Epidemiology of Domestic Violence

Epidemiology Of Domestic Violence

Domestic violence occurs across the world, in various cultures, and affects people across society, irrespective of economic status.

In the United States, according to the Bureau of Justice Statistics in 1995 women reported a six times greater rate of intimate partner violence than men. However, studies have found that men are much less likely to report victimization in these situations.

Some studies have found that "women are as physically aggressive or more aggressive than men in their relationships with their spouses or male partners". However, studies have shown that women are more likely to be injured. Archer's meta-analysis found that women suffer 65% of domestic violence injuries. A Canadian study showed that 7% of women and 6% of men were abused by their current or former partners, but female victims of spousal violence were more than twice as likely to be injured as male victims, three times more likely to fear for their life, twice as likely to be stalked, and twice as likely to experience more than ten incidents of violence.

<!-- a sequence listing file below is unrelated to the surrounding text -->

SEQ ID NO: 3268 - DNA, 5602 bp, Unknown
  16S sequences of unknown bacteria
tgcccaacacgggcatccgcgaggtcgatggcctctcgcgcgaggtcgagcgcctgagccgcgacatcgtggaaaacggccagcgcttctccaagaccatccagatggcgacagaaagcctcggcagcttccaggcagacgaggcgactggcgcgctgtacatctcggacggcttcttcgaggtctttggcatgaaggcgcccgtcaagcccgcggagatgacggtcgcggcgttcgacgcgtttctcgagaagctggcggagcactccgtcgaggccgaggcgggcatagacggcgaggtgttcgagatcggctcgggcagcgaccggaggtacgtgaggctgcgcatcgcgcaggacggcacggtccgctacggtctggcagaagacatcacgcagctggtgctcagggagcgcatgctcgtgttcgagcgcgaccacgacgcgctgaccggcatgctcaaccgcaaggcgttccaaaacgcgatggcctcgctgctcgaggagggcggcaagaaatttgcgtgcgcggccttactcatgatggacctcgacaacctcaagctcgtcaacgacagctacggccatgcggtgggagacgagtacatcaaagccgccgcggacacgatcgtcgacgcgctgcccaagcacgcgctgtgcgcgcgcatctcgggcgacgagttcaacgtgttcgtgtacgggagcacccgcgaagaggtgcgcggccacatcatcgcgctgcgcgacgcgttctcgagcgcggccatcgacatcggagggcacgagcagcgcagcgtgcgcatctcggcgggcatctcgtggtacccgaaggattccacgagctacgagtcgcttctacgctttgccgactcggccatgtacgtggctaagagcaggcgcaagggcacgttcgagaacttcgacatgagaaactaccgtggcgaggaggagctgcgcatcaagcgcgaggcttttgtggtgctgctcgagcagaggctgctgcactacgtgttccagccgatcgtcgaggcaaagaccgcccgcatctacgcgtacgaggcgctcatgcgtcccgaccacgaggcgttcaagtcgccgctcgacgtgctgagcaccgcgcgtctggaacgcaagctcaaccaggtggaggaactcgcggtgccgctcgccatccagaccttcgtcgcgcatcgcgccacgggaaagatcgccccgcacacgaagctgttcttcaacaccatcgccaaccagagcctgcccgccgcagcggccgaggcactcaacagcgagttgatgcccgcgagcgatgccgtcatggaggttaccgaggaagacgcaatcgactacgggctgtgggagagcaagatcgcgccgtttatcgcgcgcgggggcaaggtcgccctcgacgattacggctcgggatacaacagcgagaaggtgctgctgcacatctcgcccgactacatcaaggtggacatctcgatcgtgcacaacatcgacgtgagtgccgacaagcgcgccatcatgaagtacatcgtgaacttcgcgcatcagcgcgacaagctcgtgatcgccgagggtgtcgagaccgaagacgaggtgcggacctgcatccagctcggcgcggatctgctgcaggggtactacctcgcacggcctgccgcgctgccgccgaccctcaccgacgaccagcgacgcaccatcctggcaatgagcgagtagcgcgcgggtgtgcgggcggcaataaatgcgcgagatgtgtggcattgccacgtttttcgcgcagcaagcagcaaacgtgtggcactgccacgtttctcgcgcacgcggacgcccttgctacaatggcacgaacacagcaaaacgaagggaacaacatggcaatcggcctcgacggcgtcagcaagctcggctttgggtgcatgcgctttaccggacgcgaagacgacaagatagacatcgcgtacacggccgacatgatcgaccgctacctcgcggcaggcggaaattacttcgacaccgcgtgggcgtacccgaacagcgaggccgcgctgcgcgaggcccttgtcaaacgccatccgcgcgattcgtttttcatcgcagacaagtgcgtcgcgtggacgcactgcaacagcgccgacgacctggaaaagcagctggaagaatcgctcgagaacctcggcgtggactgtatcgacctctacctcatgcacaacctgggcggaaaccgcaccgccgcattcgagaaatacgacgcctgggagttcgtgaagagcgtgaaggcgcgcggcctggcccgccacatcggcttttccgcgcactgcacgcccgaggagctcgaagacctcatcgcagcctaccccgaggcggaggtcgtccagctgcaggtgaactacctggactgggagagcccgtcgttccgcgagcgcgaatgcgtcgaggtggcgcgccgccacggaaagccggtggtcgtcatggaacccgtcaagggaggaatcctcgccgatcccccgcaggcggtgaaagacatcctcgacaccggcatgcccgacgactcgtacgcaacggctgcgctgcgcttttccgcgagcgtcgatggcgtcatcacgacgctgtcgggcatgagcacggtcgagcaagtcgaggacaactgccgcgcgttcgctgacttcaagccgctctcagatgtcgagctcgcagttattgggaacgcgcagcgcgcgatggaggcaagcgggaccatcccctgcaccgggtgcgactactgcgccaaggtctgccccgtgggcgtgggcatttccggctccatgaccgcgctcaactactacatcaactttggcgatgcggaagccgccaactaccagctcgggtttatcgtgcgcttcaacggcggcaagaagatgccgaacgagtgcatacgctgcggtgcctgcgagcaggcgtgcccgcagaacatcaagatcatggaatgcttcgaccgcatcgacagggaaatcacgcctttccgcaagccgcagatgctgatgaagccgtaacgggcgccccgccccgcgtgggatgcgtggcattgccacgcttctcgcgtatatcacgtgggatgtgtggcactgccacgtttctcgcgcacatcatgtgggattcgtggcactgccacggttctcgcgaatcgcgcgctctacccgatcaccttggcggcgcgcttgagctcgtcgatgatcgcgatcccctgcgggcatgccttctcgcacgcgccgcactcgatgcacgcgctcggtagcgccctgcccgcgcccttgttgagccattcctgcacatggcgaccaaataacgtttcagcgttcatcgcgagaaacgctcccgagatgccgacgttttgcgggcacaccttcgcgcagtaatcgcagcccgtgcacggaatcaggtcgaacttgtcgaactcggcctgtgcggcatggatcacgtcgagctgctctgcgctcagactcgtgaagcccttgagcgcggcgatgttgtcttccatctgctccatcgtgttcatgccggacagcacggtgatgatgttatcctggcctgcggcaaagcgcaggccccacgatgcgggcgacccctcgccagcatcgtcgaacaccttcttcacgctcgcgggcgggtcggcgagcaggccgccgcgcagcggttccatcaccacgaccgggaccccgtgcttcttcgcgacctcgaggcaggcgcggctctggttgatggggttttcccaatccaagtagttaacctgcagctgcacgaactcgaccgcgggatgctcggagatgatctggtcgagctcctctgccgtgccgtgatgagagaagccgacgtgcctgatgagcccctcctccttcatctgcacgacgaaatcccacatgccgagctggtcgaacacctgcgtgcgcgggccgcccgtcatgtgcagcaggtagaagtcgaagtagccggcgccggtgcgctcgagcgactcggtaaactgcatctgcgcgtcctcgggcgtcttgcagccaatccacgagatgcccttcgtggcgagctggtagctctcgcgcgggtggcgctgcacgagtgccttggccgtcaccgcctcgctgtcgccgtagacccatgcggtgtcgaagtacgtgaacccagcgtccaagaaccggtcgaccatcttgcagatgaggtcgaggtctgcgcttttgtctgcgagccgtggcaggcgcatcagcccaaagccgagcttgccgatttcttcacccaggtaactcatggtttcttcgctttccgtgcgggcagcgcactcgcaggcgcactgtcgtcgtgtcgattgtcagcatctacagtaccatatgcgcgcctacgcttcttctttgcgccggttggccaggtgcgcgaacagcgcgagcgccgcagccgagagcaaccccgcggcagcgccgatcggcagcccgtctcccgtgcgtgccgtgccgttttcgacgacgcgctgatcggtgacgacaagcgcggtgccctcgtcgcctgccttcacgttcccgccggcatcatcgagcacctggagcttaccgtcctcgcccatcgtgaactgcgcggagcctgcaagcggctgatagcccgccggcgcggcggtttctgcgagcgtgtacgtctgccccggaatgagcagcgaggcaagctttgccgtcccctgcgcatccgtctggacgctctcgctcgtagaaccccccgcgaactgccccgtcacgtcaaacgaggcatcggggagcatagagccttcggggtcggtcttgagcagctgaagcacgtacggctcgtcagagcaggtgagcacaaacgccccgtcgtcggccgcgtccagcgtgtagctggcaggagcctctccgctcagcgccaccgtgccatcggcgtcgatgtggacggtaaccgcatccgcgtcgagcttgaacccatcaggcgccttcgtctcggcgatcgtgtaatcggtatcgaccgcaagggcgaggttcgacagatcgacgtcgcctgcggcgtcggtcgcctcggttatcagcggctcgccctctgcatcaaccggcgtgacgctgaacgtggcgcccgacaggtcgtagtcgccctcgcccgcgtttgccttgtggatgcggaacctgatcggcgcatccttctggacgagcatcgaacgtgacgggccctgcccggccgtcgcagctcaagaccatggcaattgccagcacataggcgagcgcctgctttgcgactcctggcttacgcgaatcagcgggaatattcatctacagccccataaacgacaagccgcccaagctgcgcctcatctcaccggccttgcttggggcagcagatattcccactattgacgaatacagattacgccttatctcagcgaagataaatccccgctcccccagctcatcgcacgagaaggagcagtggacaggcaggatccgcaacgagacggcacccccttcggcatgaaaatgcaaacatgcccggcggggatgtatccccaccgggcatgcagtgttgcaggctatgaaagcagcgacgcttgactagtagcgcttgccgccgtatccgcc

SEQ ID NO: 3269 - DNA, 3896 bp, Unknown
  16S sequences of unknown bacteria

Some studies show that lesbian relationships have similar levels of violence as heterosexual relationships, while other studies report that lesbian relationships exhibit substantially higher rates of physical aggression.

Read more about Epidemiology Of Domestic Violence:  Measuring Domestic Violence, International Levels

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